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on 24 October 2013
An astonishingly thorough account of WW1 and circumstances before and afterwards.
I am in awe of the authors thoroughness and attention to detail.
I have learned so much from this book which was impossible to put down. How little I knew of this tragic catastrophy.
If you want the most thorough account of this subject then this is the book to read.
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on 3 October 2007
I am an avid reader of military history books. I am afraid I found this book too much like a text book and less like the accessible (but not necessarily dumbed down) history books by the likes of Max Hastings and Antong Beevor. I also didn't like the structure, with chapters analysing different themes, rather than a chronolgical history as the title would suggest. The commentary was in depth and cannot be faulted, I just felt there was too little to make this book accessible to the average reader (as oppossed to a history student), by way of example we have very little in the way of the case studies on individual experiences and specific events which are prevalent in other historical books and I feel help build up a personal understanding of what it was like to be a part of such war.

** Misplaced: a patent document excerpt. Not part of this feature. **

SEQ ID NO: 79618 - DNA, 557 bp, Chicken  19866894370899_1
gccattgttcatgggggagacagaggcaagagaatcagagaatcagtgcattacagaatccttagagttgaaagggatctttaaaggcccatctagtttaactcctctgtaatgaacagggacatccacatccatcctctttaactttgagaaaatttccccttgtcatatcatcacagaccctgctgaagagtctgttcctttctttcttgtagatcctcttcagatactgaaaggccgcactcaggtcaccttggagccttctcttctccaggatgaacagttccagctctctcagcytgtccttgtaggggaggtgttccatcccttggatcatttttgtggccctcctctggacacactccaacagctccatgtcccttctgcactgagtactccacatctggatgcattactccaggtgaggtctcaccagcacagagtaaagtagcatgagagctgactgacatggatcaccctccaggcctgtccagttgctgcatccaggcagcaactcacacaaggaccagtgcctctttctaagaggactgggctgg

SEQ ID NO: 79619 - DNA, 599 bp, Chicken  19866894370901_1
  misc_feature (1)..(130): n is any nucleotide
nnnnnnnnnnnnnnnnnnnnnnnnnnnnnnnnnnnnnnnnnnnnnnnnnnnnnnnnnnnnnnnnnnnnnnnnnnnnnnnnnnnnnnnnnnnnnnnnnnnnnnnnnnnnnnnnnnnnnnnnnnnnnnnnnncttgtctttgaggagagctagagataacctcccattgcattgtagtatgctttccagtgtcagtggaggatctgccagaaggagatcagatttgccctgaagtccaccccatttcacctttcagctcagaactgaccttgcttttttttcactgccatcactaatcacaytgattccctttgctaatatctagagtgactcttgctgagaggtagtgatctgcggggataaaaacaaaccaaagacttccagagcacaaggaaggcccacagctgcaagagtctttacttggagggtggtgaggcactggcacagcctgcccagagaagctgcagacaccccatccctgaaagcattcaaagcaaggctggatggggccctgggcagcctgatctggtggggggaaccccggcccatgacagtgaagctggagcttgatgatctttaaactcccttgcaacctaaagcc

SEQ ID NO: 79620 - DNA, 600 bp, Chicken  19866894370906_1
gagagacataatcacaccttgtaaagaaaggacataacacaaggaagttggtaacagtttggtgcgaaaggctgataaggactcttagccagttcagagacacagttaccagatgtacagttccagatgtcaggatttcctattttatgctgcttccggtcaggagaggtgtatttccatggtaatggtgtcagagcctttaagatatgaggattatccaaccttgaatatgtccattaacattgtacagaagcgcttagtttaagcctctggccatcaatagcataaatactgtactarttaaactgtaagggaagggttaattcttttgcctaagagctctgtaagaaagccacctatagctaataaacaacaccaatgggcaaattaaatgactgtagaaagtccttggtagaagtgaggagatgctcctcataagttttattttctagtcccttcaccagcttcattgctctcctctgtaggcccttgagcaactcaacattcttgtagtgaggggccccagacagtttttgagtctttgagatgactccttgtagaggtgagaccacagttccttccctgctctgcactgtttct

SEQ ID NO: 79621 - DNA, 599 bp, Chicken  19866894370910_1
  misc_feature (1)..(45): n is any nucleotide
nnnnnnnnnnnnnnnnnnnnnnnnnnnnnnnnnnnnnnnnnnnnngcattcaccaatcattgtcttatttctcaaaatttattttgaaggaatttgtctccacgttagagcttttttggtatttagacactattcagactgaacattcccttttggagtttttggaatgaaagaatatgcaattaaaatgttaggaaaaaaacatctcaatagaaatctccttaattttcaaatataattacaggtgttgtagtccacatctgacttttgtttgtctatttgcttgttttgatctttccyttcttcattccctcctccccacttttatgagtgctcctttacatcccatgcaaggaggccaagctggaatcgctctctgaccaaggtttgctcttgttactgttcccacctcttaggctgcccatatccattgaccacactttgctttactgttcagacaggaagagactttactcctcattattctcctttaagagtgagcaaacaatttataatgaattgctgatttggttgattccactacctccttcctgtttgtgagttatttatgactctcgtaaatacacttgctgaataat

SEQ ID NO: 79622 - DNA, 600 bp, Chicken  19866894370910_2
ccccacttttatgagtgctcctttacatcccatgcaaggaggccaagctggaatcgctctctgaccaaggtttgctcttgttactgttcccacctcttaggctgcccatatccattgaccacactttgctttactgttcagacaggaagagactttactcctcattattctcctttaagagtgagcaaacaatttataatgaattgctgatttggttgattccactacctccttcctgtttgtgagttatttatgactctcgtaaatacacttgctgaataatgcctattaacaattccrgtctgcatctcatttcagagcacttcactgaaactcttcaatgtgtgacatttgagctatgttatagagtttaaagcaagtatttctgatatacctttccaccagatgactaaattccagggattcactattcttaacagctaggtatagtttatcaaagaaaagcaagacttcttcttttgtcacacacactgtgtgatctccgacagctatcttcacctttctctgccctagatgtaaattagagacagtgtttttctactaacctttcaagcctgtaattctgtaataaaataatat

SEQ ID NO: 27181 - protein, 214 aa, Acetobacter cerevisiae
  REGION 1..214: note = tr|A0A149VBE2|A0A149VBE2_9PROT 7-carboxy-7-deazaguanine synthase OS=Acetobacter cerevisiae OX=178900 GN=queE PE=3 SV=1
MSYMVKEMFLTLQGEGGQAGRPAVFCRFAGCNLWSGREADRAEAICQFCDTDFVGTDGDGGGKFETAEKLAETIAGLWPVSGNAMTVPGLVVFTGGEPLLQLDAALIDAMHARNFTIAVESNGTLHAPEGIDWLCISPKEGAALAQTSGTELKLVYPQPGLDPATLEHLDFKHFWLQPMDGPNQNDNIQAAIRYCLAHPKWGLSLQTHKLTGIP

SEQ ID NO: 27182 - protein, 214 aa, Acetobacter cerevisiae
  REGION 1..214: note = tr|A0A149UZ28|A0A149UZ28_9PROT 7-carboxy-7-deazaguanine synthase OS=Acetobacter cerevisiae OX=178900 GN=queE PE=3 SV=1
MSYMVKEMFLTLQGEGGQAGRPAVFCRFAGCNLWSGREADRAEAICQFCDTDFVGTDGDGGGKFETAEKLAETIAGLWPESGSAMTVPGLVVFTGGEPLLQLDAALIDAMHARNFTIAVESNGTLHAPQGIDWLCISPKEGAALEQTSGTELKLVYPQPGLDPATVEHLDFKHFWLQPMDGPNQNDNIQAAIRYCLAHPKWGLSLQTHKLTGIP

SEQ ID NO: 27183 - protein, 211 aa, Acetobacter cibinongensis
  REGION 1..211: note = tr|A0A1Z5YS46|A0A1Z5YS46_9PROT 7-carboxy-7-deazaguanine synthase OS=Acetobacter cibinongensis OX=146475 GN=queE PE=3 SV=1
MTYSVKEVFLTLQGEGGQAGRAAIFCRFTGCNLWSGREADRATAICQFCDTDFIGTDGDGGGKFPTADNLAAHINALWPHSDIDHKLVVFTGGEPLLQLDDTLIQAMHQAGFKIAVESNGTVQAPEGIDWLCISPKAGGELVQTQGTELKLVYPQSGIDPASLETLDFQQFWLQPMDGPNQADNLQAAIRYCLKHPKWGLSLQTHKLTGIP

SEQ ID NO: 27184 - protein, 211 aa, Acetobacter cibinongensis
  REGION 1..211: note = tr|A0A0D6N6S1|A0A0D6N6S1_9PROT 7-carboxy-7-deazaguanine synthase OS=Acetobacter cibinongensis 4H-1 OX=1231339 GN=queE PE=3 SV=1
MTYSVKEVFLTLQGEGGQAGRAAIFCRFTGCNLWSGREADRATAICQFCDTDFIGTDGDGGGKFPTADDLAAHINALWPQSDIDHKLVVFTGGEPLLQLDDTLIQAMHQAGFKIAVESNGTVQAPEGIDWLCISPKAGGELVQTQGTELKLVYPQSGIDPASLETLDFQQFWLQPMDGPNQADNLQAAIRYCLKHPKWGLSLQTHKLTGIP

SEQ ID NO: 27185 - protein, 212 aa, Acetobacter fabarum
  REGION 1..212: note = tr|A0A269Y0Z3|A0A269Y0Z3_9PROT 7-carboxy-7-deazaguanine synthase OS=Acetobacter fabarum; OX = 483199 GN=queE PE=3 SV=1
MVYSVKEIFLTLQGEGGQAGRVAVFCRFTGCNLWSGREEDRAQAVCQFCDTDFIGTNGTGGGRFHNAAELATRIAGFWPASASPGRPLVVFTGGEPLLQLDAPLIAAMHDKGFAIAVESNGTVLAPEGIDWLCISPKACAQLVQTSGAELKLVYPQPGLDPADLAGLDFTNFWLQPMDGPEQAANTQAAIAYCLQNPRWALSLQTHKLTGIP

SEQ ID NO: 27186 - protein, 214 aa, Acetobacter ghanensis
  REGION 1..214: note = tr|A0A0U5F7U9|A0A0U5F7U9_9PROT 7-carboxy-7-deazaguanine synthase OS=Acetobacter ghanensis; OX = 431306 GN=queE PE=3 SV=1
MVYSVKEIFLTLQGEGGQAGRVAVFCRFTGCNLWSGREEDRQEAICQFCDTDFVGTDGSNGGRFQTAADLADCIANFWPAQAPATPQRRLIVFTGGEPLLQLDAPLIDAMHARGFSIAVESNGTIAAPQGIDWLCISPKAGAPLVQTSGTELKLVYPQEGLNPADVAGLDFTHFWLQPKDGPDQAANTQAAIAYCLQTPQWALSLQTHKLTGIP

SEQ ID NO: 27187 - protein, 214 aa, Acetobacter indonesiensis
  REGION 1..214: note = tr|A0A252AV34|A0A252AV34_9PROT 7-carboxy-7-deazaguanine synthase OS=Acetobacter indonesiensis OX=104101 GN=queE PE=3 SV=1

In summary: not recomended for general consumption or as a history of the war, but a capable and well researched resourse tool for the academic
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on 8 September 2014